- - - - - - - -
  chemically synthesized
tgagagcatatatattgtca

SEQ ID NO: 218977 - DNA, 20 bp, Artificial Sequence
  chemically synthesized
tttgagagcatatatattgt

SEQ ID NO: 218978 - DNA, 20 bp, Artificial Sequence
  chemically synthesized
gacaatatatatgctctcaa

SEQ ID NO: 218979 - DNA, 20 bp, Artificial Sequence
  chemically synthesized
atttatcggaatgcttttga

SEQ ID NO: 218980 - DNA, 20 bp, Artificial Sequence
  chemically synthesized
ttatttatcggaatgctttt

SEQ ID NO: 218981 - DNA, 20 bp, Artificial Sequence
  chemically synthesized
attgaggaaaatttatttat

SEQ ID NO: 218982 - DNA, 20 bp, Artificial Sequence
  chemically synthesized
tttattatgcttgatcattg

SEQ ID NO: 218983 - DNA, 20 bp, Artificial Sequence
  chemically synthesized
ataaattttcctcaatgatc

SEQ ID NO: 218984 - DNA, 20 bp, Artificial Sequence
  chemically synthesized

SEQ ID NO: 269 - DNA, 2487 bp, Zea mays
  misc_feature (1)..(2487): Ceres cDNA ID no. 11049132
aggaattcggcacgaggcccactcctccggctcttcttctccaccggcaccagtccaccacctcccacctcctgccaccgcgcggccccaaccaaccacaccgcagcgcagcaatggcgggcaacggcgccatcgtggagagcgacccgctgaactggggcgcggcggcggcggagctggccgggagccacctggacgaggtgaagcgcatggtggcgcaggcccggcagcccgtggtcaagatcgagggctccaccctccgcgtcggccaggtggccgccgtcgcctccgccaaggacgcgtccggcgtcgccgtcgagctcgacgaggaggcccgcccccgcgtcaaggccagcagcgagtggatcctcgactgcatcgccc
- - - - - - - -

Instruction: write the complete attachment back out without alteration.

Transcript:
  chemically synthesized
tgagagcatatatattgtca

SEQ ID NO: 218977 - DNA, 20 bp, Artificial Sequence
  chemically synthesized
tttgagagcatatatattgt

SEQ ID NO: 218978 - DNA, 20 bp, Artificial Sequence
  chemically synthesized
gacaatatatatgctctcaa

SEQ ID NO: 218979 - DNA, 20 bp, Artificial Sequence
  chemically synthesized
atttatcggaatgcttttga

SEQ ID NO: 218980 - DNA, 20 bp, Artificial Sequence
  chemically synthesized
ttatttatcggaatgctttt

SEQ ID NO: 218981 - DNA, 20 bp, Artificial Sequence
  chemically synthesized
attgaggaaaatttatttat

SEQ ID NO: 218982 - DNA, 20 bp, Artificial Sequence
  chemically synthesized
tttattatgcttgatcattg

SEQ ID NO: 218983 - DNA, 20 bp, Artificial Sequence
  chemically synthesized
ataaattttcctcaatgatc

SEQ ID NO: 218984 - DNA, 20 bp, Artificial Sequence
  chemically synthesized

SEQ ID NO: 269 - DNA, 2487 bp, Zea mays
  misc_feature (1)..(2487): Ceres cDNA ID no. 11049132
aggaattcggcacgaggcccactcctccggctcttcttctccaccggcaccagtccaccacctcccacctcctgccaccgcgcggccccaaccaaccacaccgcagcgcagcaatggcgggcaacggcgccatcgtggagagcgacccgctgaactggggcgcggcggcggcggagctggccgggagccacctggacgaggtgaagcgcatggtggcgcaggcccggcagcccgtggtcaagatcgagggctccaccctccgcgtcggccaggtggccgccgtcgcctccgccaaggacgcgtccggcgtcgccgtcgagctcgacgaggaggcccgcccccgcgtcaaggccagcagcgagtggatcctcgactgcatcgccc